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Old 05-13-2019, 08:03 AM
Budget Player Cadet is offline
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Join Date: May 2011
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Quote:
Originally Posted by monstro View Post
Questions:

1. Do you agree with either of these concepts? Do you think there are traditional gender norms that are damaging to individuals and society as a whole? Or are people just trying to find a pseudo-intellectual way of describing "asshole"?
There are absolutely, without a doubt, socialized gender roles.

These roles are multifaceted and interact in many ways. They are built by society, consciously or unconsciously, through our mutual understanding, with a big heaping help of reflection from mass media. Boys are expected to act a certain way, girls are expected to act a certain way, and while these roles are not strict, they absolutely exist and influence us in myriad ways.

And some of these facets are really, really, really harmful. The expectation that men be stoic, for example - it turns out that bottling up your feelings can be really fucking bad for you and your social interactions. There has been extensive study into this, and it turns out that conformity to these sorts of masculine ideas are linked with quite a few mental and physical health risks.

And of course, having these expectations at all means that you often face societal backlash simply for not living up to utterly arbitrary standards of "manliness". That's toxic as well, although I don't know if that's exactly what sociologists mean by "toxic masculinity".

Now, all of this is extremely well-established. If you know the first thing about sociology, you can't really deny that these socialized roles exist, and that some aspects of them are harmful. Once we get there, we're just quibbling over what to call a phenomenon that clearly exists. You can call it Wibbledygiblets if that makes you feel better, but it's absolutely a thing.

Quote:
Originally Posted by Lamoral View Post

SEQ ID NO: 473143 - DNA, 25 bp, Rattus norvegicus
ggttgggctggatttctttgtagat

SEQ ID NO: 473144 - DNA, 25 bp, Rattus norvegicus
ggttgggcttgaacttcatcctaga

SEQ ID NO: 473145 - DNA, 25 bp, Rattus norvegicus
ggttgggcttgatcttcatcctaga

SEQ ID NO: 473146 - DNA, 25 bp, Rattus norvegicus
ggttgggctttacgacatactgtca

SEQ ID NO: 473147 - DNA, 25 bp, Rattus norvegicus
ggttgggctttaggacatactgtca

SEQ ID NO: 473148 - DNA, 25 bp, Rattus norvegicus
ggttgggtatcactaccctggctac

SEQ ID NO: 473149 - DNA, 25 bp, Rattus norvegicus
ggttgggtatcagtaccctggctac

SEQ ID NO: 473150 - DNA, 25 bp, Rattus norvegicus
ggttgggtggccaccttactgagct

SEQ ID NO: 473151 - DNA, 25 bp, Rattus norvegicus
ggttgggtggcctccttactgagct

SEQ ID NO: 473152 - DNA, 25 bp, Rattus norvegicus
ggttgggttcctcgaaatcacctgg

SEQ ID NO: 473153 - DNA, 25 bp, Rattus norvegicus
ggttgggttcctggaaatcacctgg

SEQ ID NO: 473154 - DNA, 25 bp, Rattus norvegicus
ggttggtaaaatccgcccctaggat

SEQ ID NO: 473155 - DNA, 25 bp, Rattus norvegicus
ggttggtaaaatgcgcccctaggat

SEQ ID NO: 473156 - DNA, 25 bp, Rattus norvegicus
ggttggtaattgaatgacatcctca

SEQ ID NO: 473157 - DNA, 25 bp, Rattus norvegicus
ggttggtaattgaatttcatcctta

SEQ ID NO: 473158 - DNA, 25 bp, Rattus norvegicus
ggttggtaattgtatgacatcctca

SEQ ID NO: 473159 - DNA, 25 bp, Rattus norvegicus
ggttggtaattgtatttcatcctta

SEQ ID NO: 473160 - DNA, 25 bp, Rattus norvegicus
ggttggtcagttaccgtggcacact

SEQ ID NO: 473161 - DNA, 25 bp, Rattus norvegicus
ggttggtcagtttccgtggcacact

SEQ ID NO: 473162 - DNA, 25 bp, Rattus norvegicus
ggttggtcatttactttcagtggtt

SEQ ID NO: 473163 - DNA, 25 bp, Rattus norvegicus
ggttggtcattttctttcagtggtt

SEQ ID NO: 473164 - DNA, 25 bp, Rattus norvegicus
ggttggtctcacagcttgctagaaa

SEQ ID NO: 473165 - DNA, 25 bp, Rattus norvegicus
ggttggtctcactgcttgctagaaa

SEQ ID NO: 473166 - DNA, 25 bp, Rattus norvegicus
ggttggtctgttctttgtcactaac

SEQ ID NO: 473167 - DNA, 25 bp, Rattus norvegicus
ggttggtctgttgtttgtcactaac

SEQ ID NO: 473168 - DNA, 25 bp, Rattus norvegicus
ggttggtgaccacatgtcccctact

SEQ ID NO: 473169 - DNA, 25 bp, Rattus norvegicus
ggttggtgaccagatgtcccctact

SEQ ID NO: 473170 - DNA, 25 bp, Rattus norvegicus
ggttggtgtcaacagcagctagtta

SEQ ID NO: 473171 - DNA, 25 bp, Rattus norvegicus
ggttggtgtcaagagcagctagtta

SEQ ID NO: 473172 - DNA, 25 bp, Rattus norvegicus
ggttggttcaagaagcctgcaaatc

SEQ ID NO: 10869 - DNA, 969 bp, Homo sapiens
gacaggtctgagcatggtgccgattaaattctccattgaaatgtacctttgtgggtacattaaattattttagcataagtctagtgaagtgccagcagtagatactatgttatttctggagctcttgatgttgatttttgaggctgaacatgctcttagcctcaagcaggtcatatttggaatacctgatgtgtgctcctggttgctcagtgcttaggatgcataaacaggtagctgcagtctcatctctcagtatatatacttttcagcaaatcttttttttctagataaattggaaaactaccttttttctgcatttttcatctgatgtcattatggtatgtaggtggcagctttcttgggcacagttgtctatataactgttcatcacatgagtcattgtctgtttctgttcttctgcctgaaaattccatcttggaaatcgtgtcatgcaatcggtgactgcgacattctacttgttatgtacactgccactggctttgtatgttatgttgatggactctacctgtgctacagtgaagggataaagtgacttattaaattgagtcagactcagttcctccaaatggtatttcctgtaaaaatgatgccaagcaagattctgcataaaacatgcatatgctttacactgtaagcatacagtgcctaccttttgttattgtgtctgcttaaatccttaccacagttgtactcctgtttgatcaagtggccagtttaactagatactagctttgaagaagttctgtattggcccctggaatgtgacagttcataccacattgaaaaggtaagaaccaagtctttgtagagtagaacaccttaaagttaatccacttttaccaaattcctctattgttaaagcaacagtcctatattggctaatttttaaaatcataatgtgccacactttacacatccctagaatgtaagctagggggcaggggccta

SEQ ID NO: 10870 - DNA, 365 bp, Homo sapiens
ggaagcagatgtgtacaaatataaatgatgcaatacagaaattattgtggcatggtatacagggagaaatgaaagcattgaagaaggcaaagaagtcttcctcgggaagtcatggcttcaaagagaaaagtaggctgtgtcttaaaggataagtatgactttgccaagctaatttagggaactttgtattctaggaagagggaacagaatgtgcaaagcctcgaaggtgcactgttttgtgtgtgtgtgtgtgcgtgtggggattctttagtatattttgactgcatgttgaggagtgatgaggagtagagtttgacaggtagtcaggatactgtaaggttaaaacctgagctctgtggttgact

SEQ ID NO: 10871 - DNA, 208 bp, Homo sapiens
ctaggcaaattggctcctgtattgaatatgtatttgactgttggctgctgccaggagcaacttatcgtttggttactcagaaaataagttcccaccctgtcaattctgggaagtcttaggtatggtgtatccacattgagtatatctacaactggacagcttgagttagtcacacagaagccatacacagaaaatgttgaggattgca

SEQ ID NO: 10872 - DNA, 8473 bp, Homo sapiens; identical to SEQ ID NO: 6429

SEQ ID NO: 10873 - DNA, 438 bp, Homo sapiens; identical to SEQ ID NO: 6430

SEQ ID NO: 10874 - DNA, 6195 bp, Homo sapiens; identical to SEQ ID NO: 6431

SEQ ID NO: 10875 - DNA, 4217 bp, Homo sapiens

I think they're dumb buzzwords and not conducive to constructive discussion of anything. Similar to "white privilege". We've had many years now of issues being debated using this kind of terminology and we are now MORE polarized and MORE divided than before.

The issues are real. The terminology is faulty and counterproductive.
I mean, what should we call it? What could we call it that won't wound the fragile egos of the men who have wholly bought into these concepts, and would see pointing out how harmful they are as an attack no matter what? Should we just not have a label for it? How does that help us at all?

Quote:
Originally Posted by AK84 View Post
Sexist mumbo jumbo.
A person is a person, not a gender caricature.
Lousy human beings would probably be the same even if their biological sex was changed.
And yet, for some reason, we associate certain behaviors more with men than with women (and vice versa). And we internalize some of those behaviors. And this impacts how we think about and interact with the world. "A person is a person", but I guarantee you that, on average, Joe Sixpack heard "boys don't cry" a whole lot more than Jill Meatloaf heard "girls don't cry".

Why yes, #NotAllMen. Obviously. We're talking about broader trends, though, and you really have to blind yourself to the world to not notice that:

A) There are differences on average in how boys and girls are socialized
B) There are differences on average in how boys and girls are portrayed in media
C) These differences have an influence on average in how boys and girls behave and think, and how they're expected to behave and think
D) Some of these specific differences are, overall, on average, very bad for either the person in question or society at large.

I know plenty of men who cry, who talk about their feelings, who don't want to dominate women, who aren't quick to anger or rise to violence, et cetera. But on average, we do far more to socialize men towards these attitudes than women. These are traditionally "masculine" traits. And most of the men who don't share in them have had to intentionally deprogram themselves of these harmful attitudes. Hell, so have I.

Quote:
Originally Posted by Sitnam View Post
‘Black Lives Matter’ was a misstep. What they meant was ‘Black Lives Also Matter’ and took it as a given people would understand. And for the most part they did, but that didn’t stop nonsensical counterchants like ‘blue lives matter’ from people whose intent was and is I suspect odious. Of course police lives matter, but innocent civilians don’t want to be routinely shot in the face on a routine stop. Why is this an argument? Why are we losing ground on this issue!
"Black Lives Matter" is as innocuous of a phrase as I can imagine. It's such a basic, simple premise that anyone can get behind, to the degree that the fact that it's attached to a protest movement in the first place is jarring - "Of course black lives matter, why in the world do we have to protest about it?" You have to intentionally misunderstand it

The problem is and always has been bad-faith racists. It doesn't matter what you call your protest movement, or how harmless it is (see also: Colin Kaepernick), if you're pushing for the betterment of black people, racists are going to get angry. "All Lives Matter" has never been anything but a blatantly bad-faith exercise by shitty racists to pretend that "Black Lives Matter" implied something it never did.

Last edited by Budget Player Cadet; 05-13-2019 at 08:04 AM.